Rookie awards and soph slumps

I like Beyond the Box Score's Tommy Bennett's take on the Rookie of the Year Award and the sophomore slump. His big finish:

    Because rookies are often unknown to the voters, they will select whichever one had the best performance in that one year. That is, their choice is unanchored by past performance, as it surely is in MVP consideration. So they are perhaps more likely to incorporate those contingent factors outside a player's control (team strength, for example, when looking at RBI, or defense, when looking at ERA) when determining whom to select.

    I'm not suggesting the voters do a great job with the MVP or even that they do a particularly terrible job with the Rookie of the Year. But if Elvis Andrus collects his Rookie of the Year on the strength of his excellent defense and his .267/.329/.373 batting line with 33 SB, remember this. If we take away one hit a month and instead make it a walk, his line becomes .254/.329/.360 and he probably doesn't win the award.

    This phenomenon is compounded by the path dependency of expectations. A player who was a Rookie of the Year will be given repeated chances to prove himself. (What, you don't believe me?) By contrast, a player who underperforms in his first shot may not get another fair shot for many years.

    We've been spoiled by good Rookies of the Year in recent memory: Evan Longoria, Dustin Pedroia, Ryan Braun, and Hanley Ramirez are all poised to remain stars for several years. But the structure of the award still produces some bizarre results: Bob Hamelin? Marty Cordova? (On second thought, Hamelin's '94 might have been the last time a Royal slugged .599).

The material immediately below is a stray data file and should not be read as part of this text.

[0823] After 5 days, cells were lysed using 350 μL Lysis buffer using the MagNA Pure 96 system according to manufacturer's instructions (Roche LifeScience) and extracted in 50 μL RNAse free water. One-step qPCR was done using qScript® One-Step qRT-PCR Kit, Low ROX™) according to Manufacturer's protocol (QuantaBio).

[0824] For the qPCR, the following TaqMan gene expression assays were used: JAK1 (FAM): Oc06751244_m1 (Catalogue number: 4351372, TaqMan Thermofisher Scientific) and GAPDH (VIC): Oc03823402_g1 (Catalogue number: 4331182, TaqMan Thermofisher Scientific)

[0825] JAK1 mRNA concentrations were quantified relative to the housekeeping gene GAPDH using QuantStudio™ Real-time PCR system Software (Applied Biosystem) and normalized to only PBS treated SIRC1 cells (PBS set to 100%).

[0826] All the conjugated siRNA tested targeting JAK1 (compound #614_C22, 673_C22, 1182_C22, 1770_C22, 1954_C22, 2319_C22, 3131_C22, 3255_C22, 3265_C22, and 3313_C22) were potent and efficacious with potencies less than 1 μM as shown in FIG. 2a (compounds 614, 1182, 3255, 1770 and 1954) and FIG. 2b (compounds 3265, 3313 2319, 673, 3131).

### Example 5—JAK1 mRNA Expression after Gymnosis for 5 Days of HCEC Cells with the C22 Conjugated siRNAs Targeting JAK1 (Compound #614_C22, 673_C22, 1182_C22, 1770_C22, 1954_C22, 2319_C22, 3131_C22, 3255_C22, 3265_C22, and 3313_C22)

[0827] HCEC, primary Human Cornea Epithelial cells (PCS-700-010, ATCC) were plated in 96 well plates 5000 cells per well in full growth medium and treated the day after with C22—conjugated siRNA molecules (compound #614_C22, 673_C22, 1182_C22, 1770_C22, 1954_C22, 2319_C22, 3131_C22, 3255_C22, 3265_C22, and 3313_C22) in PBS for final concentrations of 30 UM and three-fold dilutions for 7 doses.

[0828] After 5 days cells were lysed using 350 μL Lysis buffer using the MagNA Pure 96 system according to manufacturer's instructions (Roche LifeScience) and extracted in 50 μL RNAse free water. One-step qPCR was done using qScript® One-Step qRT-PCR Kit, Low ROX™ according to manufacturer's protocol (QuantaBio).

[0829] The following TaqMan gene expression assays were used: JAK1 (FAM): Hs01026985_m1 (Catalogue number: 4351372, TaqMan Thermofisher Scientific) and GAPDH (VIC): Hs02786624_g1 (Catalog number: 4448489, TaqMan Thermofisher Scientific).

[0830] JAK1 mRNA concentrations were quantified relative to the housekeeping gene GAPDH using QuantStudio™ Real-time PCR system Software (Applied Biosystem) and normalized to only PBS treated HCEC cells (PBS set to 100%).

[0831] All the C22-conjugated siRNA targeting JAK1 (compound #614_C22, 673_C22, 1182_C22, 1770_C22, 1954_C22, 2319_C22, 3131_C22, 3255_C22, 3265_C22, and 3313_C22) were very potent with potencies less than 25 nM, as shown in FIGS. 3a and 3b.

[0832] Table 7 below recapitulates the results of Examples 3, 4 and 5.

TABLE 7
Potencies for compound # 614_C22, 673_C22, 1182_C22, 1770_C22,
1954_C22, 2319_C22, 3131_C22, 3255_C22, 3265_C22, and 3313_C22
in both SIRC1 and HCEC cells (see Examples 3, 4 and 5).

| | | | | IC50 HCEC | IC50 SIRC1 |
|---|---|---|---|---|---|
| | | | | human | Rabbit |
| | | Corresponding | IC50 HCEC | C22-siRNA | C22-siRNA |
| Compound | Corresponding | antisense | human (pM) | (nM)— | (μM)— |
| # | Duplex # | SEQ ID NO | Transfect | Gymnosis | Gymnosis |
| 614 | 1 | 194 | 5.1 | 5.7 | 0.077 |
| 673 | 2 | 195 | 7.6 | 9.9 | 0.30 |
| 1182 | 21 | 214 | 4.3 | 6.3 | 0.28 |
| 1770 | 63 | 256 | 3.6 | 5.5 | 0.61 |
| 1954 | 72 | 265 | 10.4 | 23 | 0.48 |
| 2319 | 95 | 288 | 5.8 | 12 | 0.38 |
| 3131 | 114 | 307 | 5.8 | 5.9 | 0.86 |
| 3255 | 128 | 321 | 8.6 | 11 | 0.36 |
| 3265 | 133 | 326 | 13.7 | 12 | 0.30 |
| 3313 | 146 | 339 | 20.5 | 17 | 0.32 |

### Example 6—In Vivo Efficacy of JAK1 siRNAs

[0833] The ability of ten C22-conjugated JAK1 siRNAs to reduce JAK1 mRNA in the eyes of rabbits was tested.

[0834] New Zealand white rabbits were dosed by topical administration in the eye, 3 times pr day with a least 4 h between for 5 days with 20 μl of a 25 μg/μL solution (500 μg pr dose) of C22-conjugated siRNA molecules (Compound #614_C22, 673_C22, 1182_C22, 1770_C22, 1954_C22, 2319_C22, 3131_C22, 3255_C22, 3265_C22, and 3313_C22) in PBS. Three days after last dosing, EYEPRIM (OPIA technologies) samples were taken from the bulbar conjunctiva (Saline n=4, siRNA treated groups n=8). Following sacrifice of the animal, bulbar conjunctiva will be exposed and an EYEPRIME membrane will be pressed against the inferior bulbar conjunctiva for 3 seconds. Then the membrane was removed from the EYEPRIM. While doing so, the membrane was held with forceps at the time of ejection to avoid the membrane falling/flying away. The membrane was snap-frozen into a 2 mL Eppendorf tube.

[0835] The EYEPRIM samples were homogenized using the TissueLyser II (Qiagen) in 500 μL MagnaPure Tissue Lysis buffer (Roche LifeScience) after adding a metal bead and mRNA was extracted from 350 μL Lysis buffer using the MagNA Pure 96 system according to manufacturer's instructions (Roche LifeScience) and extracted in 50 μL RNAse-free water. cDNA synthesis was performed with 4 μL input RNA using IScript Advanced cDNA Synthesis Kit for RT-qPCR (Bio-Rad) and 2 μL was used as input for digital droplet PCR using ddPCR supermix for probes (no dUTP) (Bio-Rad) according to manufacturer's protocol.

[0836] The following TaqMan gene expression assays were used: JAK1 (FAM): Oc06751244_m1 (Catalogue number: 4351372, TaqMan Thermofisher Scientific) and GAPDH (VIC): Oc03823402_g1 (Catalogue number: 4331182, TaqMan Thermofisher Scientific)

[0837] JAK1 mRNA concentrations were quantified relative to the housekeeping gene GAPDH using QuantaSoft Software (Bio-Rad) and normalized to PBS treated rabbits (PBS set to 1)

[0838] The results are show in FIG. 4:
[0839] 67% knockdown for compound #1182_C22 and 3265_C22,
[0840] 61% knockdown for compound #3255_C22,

If you're searching for an explanation for why Angel Berroa won the award in 2003, remember that he was rewarded for contingent success as much as for inherent skill. And when this year's Rookie of the Year winners come back down to earth next season, remember that the only reason you thought they were breakout rookies was in part because they had good luck their rookie seasons.

    I hope everyone who saw "Unbreakable" knows what I'm talking about.

First, I think "Unbreakable" is pretty good (if obviously flawed). Second, it all depends on what you mean by "come back down to earth." I think a number of the American League candidates are genuinely good players, and they're all young; no Bob Hamelins in this group. Same thing in the National League. Bennett's main point is true, though: the voters tend to choose the rookie with the best numbers, rather than choosing the best player or even the rookie who fundamentally played the best. And even if the voters did one of those latter two things, they still would often wind up missing the player who winds up with the best career.

I think of the Rookie of the Year Award as a bauble, somewhere between an MVP plaque and those little trophies that kids get these days simply for participating in soccer or t-ball. Where, exactly, the Rookie of the Year fits on that continuum is a question for another day.